Is Pennsylvania farm going to the hogs?

Residents of Ayr Township both for and against the proposed hog facility have been vocal about their opinions through signage posted around the county. Photo Credit: Provided by Marjorie Hudson
Residents of Ayr Township both for and against the proposed hog facility have been vocal about their opinions through signage posted around the county.
Photo provided by Marjorie Hudson


Ayr Township is a small rural community in Fulton County, two hours northwest of Washington and just over the border into Pennsylvania. It’s the kind of place where a shop owner will let his customers come back to pay for merchandise and where residents can shake hands on a $15,000 loan.

For 30 years, Washington dentists David Keil and Harry Galblum owned a 224-acre farm in the community. In retirement, they donated the land to the Jewish Federation of Greater Washington. The subsequent buyer, Country View Family Farms, is now locked in a legal battle with a group of township residents.

At issue is a facility to house 8,722 hogs that Country View, a Lancaster, Pa.-based hog procurement and production company and a subsidiary of the Clemens Family Corporation, wants to construct in Ayr.

The Ayr residents opposing Country View’s facility say runoff from the hogs’ manure and the gases the animals produce will find their way into nearby streams and contaminate the water.

To prepare the land for construction, Country View plans to cut 30 to 40 feet off parts of the hillside and fill in other areas, according to Bill Fink, an environmental management specialist who spoke on behalf of Clemens.

Country View is “converting what is now a pristine natural area into an industrial zone,” said Jordan Yeager, an attorney who represents the Ayr Township residents. “They are talking about massive industrialization of a sensitive rural area that the people who live there depend on for their water supply.”

But Fink disputed the description of the facility as “industrial.”

“It’s a farm that we’re proposing to build on an existing farm,” he said.

Fink said the hog farm will have a positive economic impact on the township.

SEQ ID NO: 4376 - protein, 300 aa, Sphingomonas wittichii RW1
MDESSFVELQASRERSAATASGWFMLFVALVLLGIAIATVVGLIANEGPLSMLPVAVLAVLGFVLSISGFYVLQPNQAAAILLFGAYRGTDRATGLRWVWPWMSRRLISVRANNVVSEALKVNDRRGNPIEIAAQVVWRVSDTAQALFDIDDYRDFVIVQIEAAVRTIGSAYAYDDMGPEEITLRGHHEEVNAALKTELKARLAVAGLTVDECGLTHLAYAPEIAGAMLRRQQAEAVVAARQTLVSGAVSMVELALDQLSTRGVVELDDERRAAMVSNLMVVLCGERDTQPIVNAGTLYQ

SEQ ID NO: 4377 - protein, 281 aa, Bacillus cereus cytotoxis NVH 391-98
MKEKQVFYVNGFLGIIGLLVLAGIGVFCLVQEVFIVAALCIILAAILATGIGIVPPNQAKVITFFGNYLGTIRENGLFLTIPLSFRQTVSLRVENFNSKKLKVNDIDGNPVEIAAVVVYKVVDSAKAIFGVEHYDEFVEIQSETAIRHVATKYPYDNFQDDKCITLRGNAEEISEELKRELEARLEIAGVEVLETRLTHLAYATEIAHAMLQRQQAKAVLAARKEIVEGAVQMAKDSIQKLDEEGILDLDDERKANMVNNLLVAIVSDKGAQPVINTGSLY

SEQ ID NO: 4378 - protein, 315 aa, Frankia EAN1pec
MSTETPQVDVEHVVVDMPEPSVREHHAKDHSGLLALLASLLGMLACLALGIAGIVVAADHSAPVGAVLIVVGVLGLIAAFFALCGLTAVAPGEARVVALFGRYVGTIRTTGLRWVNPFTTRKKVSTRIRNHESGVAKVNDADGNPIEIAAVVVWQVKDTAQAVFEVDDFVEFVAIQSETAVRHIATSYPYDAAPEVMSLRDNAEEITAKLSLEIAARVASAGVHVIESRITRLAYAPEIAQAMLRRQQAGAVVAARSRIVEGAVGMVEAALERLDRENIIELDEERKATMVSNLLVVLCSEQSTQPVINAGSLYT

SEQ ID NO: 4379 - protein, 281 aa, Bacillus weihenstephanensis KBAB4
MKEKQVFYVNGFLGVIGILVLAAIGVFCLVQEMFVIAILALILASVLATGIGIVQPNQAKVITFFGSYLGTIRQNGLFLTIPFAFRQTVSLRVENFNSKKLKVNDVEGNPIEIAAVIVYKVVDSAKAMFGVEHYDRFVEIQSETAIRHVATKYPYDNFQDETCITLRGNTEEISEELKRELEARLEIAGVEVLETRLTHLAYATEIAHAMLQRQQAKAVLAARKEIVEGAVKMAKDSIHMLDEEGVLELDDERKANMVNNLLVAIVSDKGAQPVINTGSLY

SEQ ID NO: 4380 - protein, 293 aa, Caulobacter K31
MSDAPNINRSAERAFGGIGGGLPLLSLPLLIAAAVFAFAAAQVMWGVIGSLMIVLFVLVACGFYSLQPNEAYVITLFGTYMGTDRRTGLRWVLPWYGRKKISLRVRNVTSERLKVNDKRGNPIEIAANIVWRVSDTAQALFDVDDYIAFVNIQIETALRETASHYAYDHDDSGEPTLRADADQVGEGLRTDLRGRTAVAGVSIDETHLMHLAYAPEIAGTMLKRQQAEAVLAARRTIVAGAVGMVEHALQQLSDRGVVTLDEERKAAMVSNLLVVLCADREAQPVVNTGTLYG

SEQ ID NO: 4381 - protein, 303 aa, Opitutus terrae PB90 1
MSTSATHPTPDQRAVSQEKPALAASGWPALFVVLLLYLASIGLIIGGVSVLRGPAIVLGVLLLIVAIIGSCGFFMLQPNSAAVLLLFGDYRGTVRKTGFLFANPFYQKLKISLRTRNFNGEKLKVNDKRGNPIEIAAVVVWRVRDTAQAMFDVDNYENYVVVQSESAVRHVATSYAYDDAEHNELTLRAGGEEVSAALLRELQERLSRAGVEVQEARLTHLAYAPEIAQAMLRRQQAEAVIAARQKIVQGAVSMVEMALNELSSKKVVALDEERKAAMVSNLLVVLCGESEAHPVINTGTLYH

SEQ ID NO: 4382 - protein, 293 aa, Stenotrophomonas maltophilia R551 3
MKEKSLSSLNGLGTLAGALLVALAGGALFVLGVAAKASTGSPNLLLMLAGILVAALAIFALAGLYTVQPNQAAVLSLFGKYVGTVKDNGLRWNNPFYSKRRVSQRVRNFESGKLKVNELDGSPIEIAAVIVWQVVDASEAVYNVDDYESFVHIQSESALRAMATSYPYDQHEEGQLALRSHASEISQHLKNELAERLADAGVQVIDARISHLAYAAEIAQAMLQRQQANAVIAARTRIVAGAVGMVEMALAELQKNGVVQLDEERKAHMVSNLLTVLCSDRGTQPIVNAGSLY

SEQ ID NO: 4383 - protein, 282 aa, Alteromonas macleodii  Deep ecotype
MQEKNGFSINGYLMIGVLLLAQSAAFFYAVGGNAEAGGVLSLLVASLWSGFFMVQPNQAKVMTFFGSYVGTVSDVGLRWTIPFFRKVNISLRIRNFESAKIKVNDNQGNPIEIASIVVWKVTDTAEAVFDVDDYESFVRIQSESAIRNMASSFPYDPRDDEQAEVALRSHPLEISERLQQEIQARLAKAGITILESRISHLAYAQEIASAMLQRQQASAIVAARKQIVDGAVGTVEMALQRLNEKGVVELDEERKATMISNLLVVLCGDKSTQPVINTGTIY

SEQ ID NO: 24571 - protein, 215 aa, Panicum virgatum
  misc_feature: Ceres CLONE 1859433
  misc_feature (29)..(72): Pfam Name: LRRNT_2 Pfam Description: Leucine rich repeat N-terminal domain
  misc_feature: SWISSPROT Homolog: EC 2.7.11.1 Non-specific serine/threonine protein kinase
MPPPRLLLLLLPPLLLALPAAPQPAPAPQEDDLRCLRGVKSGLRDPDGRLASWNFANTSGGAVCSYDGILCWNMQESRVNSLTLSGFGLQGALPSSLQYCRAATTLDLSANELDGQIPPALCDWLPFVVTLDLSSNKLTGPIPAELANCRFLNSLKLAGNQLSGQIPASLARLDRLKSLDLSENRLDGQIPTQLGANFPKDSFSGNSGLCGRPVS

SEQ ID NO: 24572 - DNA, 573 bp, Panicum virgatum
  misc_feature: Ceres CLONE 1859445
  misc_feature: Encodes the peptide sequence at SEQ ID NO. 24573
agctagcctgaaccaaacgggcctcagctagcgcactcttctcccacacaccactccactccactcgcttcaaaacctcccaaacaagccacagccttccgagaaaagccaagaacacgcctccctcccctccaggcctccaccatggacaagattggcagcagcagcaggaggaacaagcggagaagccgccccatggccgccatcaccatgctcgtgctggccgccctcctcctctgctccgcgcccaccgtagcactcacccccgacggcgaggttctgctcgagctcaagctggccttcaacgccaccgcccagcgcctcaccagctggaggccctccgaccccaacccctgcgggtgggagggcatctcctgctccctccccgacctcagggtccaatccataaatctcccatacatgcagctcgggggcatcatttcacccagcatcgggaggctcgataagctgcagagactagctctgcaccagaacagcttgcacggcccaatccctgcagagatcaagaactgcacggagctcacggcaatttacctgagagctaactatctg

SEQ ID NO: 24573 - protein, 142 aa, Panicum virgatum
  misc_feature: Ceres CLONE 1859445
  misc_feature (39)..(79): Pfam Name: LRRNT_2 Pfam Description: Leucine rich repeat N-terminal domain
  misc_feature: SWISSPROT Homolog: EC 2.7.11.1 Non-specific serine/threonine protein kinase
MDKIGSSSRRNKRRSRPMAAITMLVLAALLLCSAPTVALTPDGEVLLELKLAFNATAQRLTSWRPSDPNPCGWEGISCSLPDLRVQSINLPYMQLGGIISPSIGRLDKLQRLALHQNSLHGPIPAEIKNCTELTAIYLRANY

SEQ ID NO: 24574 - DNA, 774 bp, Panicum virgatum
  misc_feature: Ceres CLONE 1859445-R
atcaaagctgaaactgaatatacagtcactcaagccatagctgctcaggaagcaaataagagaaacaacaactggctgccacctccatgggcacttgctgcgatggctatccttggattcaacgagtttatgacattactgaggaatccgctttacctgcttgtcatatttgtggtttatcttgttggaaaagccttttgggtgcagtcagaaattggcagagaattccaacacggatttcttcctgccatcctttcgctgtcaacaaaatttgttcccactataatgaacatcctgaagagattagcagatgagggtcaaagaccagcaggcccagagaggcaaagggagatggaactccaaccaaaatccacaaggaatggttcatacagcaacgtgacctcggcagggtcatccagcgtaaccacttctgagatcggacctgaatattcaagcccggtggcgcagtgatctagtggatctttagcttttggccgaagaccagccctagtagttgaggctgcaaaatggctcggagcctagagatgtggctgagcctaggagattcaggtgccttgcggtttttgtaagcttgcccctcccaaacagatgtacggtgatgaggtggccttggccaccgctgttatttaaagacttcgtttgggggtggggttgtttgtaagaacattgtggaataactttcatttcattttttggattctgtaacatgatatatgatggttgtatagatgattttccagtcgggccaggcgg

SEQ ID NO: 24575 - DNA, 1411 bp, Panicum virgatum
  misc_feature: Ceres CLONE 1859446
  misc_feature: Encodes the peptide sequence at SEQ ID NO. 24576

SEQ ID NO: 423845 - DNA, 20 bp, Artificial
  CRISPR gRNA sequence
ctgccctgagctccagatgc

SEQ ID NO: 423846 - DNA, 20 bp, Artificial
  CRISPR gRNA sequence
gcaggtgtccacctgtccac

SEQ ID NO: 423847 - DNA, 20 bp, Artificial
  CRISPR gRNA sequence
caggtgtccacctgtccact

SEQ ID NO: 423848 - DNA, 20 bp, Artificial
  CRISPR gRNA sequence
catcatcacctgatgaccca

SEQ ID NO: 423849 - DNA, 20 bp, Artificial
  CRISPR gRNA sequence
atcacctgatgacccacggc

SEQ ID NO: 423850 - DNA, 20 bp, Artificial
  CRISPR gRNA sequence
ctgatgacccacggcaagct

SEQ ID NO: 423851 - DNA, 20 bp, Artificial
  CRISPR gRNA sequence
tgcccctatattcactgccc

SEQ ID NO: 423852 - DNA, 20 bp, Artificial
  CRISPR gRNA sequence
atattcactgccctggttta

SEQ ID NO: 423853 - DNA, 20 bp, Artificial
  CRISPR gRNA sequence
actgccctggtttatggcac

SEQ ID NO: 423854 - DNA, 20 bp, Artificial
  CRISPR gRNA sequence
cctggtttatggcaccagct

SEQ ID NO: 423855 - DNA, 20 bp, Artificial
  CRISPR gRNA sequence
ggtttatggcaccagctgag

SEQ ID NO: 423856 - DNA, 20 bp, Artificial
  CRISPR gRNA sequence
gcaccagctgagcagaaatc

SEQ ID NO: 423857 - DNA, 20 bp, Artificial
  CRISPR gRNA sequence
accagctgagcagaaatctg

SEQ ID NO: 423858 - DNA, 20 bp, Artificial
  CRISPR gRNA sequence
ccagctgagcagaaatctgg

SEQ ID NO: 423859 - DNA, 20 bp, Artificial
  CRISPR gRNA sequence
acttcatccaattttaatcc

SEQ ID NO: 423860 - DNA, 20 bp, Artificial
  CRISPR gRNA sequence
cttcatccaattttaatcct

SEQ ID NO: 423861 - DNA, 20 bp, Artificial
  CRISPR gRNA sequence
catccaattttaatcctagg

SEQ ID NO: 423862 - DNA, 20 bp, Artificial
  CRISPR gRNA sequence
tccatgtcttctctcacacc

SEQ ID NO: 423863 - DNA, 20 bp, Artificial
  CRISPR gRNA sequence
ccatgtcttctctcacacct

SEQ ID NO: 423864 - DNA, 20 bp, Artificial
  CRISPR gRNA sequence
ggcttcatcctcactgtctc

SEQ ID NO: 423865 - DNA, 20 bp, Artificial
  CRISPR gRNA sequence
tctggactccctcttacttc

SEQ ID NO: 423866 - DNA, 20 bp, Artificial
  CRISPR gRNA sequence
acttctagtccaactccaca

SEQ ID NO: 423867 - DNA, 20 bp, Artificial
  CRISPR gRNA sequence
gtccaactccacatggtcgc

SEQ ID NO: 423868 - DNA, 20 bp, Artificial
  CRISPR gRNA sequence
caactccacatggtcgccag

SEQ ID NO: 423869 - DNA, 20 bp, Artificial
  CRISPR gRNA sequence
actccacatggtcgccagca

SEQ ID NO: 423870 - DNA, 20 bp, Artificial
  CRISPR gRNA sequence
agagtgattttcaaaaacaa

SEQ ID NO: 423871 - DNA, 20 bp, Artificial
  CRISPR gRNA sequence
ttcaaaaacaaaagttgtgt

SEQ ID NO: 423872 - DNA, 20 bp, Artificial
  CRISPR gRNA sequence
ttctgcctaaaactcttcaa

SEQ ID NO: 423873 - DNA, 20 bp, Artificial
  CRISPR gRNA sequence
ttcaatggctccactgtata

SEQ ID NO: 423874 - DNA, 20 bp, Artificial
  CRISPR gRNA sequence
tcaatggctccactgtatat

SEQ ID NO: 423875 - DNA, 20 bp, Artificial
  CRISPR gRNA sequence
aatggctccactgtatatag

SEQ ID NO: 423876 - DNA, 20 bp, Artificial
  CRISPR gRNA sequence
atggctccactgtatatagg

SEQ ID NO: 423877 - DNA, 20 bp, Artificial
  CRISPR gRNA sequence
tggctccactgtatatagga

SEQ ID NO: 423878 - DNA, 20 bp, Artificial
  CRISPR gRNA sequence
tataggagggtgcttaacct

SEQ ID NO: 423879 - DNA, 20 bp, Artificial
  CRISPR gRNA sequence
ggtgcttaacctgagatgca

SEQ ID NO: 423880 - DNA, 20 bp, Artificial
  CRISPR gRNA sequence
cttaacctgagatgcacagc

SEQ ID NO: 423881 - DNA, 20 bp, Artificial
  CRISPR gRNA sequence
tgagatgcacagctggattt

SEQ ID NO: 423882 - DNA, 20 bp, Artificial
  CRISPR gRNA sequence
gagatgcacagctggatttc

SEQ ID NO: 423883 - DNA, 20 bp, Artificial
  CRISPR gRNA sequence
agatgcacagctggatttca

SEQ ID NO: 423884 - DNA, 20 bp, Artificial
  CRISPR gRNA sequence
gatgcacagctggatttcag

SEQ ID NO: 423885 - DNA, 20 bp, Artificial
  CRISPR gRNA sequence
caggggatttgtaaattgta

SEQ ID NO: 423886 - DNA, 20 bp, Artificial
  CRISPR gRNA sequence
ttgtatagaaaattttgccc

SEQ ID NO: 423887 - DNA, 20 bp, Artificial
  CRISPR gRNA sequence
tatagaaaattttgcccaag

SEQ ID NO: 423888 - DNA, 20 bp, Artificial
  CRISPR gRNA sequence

“This farm will bring 18 to 20 jobs to Ayr Township,” he said. “We’ll also buy material from local stores and businesses. We believe this facility will be a benefit to the agricultural community in Fulton County.”

Ayr residents Marjorie Hudson, Lorne Swope, David Lippert and Delores Steiner disagree. Last summer, they appealed Country View’s storm water management permit to the Pennsylvania Environmental Hearing Board.

“Whenever you are disturbing a large area of land, you need to have engineered plans to demonstrate how your proposal won’t have an adverse impact on water resources, during and after construction,” said Yeager. “What they are proposing [is] wholly inadequate to protect the water resources there.”

The residents also filed a petition seeking a court order to halt the facility’s construction and operation until the appeal is settled. Last August, the Environmental Hearing Board granted the stay of construction.

Fink said Clemens is reviewing the board’s concerns and will either modify its designs or present evidence on why the company’s initial plans passed muster pending further studies.

Both sides expect the appeals process to resume in the fall.

A change of hands
For more than 30 years, the land on which Country View is building its hog farm was owned by Keil and Galblum. According to Galblum’s daughter, Jane Haigh, both men were well-known members of Ayr Township, often leasing their land to the other farmers.

Unable to continue maintaining the farm or striking a deal with their Ayr neighbors, and with neither man’s children interested in inheriting it, the men donated the land to the Jewish Federation of Greater Washington.

The Federation is not in the real estate business, and it sought to quickly dispose of the land, said Steve Rakitt, CEO of the Federation.

“The United Jewish Endowment Fund of the Jewish Federation of Greater Washington received a partial interest in the property as a gift and sold its interest in the property as soon as possible, according to its policy and procedures,” he said.

Courthouse transaction records published by the Fulton County News show that on May 5, 2014, Galblum, Keil and the Federation’s United Jewish Endowment Fund sold the property for $700,000 to MWM LLC, a farm-development company that Fink said planned to build a facility on the Ayr Township farm and lease it to Country View.

Nine days later, on May 14, MWM sold the land, also for $700,000, to CFC Fulton Properties LLC, which is owned by the Clemens Development Group, the real estate branch of Clemens.

While both sides wait for the appeals process to resume, another Ayr farmer with Washington connections, Mike Tabor of Takoma Park, is planning a benefit concert in Hancock, Md., at the end of August to help pay for legal costs.

Haigh said she sympathizes with Ayr’s residents.

“I just find the situation really difficult,” she said. “I do agree with the neighbors that the pig farm is appalling.”

“It’s a misnomer to call it a farm,” said Yeager. “It’s a hog factory.”

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